So what do you do when one part of your child's life is still very much under your care.  If he is unwell in school he is not allowed to travel home on his own, I have to go and get him for example. And another part of his life is completely and utterly removed from your parental influence?

When I thought about the impact of transition, I was more concerned with Theo's move from full time education into higher education and how he would manage moving to a less structured academic framework.  I did not really consider health needs, I just assumed I would still be responsible for his health care until he was 18 and leaving school.  But apparently not .

There were no transition discussions, careful preparations, plans for what Theo wanted and what he needed.  No, like many other young people who are high functioning and physically able he moved form being a child to being an adult on the day of his birthday.  I know things will be different in Daisy's case because she cannot live independently or manage her own care, she will always be totally dependent on me.  But surely there should be a gradually easing in Theo's case from dependence to independence.  It's probably true of most teenagers but with a lifelong neurodevelopmental condition maybe the line is not so black and white as the NHS expects.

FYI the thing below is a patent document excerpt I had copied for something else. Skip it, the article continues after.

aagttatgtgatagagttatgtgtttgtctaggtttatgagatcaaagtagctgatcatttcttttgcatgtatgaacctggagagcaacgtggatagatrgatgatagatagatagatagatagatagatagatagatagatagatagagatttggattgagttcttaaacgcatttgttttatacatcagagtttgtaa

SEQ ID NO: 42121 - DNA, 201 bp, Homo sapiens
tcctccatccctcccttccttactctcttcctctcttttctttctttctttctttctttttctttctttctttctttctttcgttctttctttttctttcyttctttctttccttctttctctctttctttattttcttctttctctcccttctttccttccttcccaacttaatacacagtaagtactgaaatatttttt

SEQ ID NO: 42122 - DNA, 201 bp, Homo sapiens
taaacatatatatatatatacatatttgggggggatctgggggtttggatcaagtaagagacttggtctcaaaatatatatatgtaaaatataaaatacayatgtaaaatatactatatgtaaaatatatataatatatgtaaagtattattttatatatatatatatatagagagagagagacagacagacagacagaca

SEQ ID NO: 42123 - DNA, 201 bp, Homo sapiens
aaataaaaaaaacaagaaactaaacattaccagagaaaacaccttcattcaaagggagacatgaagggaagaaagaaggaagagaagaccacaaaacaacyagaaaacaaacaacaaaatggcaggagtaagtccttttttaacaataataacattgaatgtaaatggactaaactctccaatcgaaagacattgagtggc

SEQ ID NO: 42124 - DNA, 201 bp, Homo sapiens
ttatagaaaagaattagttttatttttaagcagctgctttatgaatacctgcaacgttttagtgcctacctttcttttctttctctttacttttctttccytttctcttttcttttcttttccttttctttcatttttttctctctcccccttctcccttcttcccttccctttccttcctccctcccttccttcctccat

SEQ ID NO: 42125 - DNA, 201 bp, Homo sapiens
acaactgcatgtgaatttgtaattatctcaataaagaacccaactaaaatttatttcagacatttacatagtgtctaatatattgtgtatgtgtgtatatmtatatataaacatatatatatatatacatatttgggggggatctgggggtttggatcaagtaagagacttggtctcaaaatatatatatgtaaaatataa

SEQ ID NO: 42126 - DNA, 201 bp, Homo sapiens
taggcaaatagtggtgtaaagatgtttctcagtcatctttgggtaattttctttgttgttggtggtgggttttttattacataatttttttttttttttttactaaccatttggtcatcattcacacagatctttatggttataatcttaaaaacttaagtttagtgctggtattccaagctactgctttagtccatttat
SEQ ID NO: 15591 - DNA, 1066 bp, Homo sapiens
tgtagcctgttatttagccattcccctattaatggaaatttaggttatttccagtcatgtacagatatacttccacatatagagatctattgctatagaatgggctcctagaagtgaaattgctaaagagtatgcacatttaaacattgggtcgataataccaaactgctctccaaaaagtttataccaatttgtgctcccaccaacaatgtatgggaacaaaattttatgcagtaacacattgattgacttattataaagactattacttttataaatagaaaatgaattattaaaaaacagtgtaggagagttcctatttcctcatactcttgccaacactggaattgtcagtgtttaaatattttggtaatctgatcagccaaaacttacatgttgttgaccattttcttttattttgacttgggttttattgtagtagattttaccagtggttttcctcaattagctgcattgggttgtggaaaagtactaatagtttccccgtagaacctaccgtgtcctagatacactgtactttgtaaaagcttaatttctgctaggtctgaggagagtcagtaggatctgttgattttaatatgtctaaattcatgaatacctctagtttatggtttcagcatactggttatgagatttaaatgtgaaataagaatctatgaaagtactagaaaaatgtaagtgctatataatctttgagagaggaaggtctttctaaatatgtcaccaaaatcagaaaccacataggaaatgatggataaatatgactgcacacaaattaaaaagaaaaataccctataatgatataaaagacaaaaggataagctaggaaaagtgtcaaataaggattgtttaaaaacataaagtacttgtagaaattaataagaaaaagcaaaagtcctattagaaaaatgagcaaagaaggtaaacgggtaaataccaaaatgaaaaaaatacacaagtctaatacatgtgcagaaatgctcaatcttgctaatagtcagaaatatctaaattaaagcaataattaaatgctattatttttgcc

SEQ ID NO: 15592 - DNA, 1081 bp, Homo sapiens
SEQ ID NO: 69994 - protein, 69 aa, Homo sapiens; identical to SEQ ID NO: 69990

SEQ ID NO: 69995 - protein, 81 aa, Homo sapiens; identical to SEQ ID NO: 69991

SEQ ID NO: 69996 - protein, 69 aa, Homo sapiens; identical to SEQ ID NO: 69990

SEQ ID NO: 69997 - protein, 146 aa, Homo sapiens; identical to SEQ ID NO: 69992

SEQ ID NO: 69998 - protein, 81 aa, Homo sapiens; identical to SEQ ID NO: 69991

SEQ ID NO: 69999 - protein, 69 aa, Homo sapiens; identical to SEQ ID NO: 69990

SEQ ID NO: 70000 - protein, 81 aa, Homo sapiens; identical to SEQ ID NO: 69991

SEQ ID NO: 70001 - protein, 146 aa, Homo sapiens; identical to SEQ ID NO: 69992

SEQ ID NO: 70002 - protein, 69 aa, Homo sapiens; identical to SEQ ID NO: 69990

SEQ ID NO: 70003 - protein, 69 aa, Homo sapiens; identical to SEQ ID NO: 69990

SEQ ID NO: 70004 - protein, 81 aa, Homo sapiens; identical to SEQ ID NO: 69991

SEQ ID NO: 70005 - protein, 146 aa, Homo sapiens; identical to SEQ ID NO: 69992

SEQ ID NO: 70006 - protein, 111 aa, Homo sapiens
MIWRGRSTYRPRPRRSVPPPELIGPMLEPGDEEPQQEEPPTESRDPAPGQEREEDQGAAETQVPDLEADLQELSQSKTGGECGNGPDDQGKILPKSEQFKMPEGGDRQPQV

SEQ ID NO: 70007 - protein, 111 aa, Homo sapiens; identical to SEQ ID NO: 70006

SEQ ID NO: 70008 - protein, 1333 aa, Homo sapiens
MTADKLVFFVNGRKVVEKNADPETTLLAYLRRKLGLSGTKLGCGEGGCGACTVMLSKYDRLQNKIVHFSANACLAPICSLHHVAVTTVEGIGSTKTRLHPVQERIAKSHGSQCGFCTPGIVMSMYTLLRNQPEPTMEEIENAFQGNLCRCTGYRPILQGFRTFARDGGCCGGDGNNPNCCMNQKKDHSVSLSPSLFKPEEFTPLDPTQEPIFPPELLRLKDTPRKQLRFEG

So what do you do in this case?  Well thank goodness once again for charities and the voluntary sector because a call to the National Autistic Society has helped us formulate a plan with Theo aimed at helping to  manage a smoother transition for his healthcare needs over the next couple of years.

We have sat down with Theo and discussed what he wants.  What he wants is to get his allergies sorted, what he doesn't want is to have to deal with the people who will help sort them, to organise the appointments, to have to speak to doctors - not yet, maybe in a few years but at the moment just getting his head around his A level studies and dealing with day to day life is enough for Theo.  So he has agreed that it would be a good idea if we draw up a lasting power of attorney for his health and social care.  This would enable him to give legal permission to us, his parents , to continue to advocate and act on his behalf on decisions relating to his health care until such time as he feels he would like to take this on, at this point the document can be revoked.

We think that a good time for this would be when Theo leaves school and hopefully goes onto university, this gives us two years to help him manage this transition.